And thus, as sure His foe to wound,
The angels’ trumps the charge now sound.

4 My soul with Christ join thou in fight;
Stick to His tents, the place of might.
Within His crib is surest ward;
This little Babe will be thy Guard.
If thou wilt foil thy foes with joy,
Then flit not from this heav’nly Boy!

I hope you enjoy “This little Babe” as much as I did, and reflect upon the incarnate Christ too. 

Devotional Thought for Today – 12/11-2020

Psalm 78 - Springer Road Church of Christ

ESV and RVR 1960


CONTEXT (v. 1-31) :  v. 1–8 The introduction to Ps. 78 explains that it is a “parable” (v. 2) intended to exhort the Israelites to not be like their forefathers (v. 8).  In v.5–8 The psalmist describes how God (Ps 78:5) demanded that Israel not only recount His laws and instructions, but also remember the good and bad parts of their history. The Israelites should teach God’s laws and Israel’s history so that each new generation would know not to go astray (v. 8).  Verses 9–16 This section is the first of two thematic overviews in Psa 78 (see vv. 32–41). This section summarizes Israel’s interaction with God during the exodus (Exod 6–12) and then in the wilderness (Exod 14–40Num 11–25).  Here in v.17–20 Israel’s main fault in the episode recalled here was their demand for meat (see Num 11:4–6); however, the psalmist implies that Israel complained against God on a regular basis (compare Exod 16–17Num 11Psa 78:19–20).  In v.21–25 In this section, the psalmist focuses on God’s anger and His provision of manna to Israel. He implies that, although God was furious with Israel, He did not stop providing food for them. This section may be a stylized review of the wilderness journey of Israel, contrasting the reality of God’s continual provision of manna (Exod 16:35) with Israel’s general disloyalty to God.  Finally in v.26–31 The psalmist now switches from focusing on the manna to the quail (see Num 11:31–34). He recounts the incident in which God gave Israel meat to eat but also struck them with a plague. – Faithlife Study Bible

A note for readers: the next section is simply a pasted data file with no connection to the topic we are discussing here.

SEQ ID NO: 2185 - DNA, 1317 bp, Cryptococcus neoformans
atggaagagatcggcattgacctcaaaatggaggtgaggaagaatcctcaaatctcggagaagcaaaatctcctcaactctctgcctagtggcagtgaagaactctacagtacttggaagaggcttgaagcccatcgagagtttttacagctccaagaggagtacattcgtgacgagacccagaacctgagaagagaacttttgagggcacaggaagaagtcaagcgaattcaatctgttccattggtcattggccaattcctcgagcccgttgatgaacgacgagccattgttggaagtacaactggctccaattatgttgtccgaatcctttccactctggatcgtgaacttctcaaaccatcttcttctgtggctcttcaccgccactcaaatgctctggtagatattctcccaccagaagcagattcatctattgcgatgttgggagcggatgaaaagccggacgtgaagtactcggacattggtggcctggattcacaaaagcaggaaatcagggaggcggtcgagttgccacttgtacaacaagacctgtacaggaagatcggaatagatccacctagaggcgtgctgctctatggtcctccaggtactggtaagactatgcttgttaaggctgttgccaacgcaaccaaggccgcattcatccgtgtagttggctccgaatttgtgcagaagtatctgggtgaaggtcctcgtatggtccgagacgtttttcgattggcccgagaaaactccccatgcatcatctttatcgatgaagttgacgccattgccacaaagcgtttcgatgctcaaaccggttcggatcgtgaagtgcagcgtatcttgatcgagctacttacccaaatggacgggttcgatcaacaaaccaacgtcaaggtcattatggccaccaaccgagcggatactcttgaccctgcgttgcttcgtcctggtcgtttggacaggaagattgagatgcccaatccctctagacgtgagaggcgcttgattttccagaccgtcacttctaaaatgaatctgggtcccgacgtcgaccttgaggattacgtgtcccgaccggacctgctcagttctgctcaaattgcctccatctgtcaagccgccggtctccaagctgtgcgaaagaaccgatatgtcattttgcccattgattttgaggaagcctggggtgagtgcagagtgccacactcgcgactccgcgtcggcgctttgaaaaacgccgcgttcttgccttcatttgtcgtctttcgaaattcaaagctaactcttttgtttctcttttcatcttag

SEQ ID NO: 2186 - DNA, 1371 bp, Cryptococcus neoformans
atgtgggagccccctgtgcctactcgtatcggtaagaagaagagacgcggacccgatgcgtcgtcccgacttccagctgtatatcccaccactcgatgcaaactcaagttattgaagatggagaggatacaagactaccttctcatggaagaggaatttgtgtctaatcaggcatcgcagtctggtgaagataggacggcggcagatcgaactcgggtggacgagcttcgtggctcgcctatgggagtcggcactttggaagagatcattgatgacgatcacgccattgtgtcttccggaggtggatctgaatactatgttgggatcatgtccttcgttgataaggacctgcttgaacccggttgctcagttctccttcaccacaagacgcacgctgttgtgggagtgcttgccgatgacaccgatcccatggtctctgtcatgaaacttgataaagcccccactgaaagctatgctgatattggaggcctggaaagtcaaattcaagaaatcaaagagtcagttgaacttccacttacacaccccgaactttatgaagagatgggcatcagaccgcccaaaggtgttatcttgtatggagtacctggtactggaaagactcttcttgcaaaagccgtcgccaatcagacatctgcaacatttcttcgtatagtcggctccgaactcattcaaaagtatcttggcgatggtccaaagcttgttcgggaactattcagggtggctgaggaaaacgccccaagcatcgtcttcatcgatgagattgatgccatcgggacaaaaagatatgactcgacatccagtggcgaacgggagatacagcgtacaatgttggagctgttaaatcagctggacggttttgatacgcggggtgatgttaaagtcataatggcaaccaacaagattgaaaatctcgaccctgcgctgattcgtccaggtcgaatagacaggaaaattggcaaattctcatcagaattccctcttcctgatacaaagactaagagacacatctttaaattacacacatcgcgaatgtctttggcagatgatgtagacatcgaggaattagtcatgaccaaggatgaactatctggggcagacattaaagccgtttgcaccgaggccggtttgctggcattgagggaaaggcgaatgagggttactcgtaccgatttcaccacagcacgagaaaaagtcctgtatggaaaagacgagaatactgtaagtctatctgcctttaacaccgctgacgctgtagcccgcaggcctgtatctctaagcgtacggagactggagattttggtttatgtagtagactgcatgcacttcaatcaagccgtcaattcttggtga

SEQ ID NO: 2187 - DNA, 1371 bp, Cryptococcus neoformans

When I was a kid growing up WWII and the Korean War’s were still fresh on the minds on most Americans. Viet Nam was just not really underway in strength and patriotism was abundant. 

I remember sitting for hours listening to some of my neighbors describing both the horrors (concentration camps, artillery bombardments, etc.) and glory (comradery, victory over evil, etc.) that they experienced.  I know in some cases, Mrs. S who was in a concentration camp, Mr. T who was with Patton and liberated said camp(s) talking about the war was quite difficult but they did so so my generation would never repeat the lessons of the past. 

This Plasm, sets out to do the same thing. V.4 We will not hide them from their children, but tell to the coming generation the glorious deeds of the Lord, and his might, and the wonders that he has done.